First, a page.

The third segment consists of nine small bones, the carpals of the wrist or the tarsals of the ankle.
The carpals, tarsals, metacarpals, and metatarsals are all free.
Metacarpal I oblong, or rather conical, with a lateral enlargement, and situated in line with the distal row of carpals.
These are the actinosts (carpals or pterygials), which support the rays of the pectoral fin .
All the carpals of the proximal row—the scaphoid, lunar and cuneiform—are united, forming a single bone.
The carpals however interlock to a slight extent, and the corner of the magnum reaches the scaphoid.
carpals: Five; two on ulna side, two median and one on radial side in line with first metacarpal.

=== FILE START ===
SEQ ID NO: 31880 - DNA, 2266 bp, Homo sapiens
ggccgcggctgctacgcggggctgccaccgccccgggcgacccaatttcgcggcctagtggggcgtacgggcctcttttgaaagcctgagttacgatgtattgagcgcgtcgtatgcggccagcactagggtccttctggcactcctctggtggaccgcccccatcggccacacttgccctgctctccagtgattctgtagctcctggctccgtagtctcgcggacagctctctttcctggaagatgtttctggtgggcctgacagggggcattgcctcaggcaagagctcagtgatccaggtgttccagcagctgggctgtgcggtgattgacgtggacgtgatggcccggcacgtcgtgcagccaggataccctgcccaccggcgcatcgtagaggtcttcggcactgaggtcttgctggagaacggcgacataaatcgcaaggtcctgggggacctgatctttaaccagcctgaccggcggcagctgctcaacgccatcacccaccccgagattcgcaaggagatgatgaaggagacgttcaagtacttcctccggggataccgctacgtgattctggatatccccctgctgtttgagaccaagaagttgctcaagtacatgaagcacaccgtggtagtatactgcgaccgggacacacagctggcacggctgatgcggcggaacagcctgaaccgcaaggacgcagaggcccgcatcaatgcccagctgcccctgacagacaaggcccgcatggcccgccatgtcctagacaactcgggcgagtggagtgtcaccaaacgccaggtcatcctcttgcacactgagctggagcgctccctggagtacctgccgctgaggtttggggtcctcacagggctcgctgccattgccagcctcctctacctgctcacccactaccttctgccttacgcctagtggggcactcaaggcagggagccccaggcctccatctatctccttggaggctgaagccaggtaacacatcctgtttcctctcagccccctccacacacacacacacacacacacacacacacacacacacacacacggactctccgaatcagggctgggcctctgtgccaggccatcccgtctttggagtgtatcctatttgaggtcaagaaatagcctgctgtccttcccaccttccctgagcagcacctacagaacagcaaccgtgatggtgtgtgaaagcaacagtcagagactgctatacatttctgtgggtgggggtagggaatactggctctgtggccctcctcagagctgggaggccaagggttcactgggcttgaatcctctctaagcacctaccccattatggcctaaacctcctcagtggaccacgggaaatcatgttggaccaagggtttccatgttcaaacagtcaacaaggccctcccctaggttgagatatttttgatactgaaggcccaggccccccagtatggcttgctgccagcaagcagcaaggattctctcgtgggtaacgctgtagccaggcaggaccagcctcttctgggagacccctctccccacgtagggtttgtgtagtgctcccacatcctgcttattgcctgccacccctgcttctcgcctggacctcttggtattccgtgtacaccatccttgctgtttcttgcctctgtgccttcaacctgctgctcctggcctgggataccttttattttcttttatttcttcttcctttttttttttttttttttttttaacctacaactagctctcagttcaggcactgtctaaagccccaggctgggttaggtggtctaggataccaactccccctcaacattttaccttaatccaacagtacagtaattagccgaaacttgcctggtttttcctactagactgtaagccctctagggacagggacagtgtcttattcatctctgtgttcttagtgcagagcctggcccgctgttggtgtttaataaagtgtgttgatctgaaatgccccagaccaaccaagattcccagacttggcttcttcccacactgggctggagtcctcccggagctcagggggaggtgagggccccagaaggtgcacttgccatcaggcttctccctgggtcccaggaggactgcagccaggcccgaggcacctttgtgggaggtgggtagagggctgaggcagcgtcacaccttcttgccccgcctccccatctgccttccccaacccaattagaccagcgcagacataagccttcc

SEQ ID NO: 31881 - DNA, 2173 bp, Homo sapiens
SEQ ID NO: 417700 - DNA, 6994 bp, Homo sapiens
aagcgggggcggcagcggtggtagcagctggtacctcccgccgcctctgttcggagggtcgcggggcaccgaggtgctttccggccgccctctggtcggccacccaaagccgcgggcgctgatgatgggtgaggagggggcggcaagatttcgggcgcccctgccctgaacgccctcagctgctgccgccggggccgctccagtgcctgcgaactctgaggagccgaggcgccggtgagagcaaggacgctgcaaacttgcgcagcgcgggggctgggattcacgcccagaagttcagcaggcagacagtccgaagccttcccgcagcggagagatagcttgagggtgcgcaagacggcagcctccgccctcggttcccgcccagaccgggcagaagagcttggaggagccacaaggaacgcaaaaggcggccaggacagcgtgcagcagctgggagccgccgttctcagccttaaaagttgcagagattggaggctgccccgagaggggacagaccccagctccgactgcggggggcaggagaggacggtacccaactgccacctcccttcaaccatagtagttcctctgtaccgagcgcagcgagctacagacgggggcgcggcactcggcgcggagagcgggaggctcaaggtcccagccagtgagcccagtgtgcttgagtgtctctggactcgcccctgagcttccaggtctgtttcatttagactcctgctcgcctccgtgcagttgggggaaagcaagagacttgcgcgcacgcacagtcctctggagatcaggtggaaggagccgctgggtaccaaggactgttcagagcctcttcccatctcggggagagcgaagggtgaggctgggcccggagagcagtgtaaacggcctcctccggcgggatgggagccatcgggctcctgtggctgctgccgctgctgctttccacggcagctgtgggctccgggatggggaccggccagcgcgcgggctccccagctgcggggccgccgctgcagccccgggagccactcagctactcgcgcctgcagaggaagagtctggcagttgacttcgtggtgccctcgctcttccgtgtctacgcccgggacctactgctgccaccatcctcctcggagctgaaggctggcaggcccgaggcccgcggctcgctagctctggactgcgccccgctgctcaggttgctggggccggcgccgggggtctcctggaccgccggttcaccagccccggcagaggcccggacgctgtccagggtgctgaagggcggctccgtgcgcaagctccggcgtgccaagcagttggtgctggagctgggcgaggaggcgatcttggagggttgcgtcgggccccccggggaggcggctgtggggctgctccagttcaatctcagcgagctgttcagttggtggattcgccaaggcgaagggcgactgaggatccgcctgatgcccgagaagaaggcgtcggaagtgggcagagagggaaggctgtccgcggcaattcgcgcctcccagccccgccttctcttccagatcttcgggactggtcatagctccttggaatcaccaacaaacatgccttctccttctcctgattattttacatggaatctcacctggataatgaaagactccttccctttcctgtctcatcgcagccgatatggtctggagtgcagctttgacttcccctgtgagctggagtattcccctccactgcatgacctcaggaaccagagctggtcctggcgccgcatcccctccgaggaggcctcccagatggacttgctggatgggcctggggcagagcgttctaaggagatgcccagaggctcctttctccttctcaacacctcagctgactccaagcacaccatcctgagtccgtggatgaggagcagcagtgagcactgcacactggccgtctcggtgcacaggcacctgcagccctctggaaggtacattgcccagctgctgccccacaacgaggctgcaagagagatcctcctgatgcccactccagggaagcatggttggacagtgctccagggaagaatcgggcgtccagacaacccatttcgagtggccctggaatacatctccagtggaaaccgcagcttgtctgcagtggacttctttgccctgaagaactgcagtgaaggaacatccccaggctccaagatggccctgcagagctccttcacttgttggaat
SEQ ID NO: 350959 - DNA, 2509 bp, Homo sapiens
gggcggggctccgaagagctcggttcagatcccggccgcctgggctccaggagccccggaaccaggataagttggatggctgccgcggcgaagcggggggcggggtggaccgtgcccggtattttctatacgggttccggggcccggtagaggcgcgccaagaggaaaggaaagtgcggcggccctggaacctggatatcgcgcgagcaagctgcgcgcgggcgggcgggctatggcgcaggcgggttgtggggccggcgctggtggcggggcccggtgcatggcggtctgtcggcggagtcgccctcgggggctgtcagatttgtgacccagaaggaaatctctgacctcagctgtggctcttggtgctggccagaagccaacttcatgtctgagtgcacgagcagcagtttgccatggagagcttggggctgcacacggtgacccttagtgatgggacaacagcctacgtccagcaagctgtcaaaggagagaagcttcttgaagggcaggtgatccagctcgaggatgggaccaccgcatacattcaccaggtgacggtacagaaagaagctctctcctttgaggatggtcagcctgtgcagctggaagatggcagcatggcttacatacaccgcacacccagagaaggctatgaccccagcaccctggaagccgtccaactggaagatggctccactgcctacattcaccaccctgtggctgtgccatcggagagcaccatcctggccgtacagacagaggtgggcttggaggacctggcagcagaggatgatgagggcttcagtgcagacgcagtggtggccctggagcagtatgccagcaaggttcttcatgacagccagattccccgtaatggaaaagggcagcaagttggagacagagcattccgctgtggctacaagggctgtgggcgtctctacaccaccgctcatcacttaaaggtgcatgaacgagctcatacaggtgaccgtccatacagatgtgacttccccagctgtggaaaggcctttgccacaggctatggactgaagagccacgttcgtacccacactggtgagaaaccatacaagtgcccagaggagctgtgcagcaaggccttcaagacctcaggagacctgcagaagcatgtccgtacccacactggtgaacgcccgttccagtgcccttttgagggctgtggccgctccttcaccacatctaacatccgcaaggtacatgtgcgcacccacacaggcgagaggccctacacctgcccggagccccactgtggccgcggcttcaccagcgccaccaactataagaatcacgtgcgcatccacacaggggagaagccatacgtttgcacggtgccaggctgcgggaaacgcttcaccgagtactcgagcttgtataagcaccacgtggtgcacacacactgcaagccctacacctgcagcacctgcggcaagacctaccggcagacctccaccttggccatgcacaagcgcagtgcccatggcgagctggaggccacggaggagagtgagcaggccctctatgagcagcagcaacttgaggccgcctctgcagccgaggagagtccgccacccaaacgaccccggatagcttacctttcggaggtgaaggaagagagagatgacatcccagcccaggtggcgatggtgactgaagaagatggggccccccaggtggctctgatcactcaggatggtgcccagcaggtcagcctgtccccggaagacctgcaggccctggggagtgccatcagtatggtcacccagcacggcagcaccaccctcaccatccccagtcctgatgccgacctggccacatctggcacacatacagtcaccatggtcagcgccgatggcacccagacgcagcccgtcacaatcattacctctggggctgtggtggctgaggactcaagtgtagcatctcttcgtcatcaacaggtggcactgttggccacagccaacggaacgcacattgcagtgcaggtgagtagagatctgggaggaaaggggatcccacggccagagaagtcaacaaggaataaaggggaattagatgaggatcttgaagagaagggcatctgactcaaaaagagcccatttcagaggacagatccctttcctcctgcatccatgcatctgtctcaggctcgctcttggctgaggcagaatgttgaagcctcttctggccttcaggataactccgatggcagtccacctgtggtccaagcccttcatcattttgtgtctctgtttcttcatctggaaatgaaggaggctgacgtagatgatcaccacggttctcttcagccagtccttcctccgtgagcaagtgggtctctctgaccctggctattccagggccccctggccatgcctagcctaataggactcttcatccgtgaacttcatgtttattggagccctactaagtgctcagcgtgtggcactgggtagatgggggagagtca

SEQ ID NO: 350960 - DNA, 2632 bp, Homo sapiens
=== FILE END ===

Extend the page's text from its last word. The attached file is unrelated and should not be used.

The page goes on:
The radius and the ulna are completely separated, as are the carpals.
The tarsal bones of the Turtle do not retain their primitive arrangement to such an extent as do the carpals.
There is only one row of carpals present (the proximal row of other tetrapods).
"of the wrist," 1743, from Modern Latin carpalis, from carpus "wrist" (see carpus). Carpal tunnel syndrome attested by 1970, from carpal tunnel, the tunnel-like passage that carries nerves through the wrist.
carpal car·pal (kär'pəl)
Of, relating to, or near the carpus. n.
Any of the bones of the carpus, including the scaphoid, lunate, triquetrum, pisiform, trapezium, trapezoid, capitate, and hamate bones.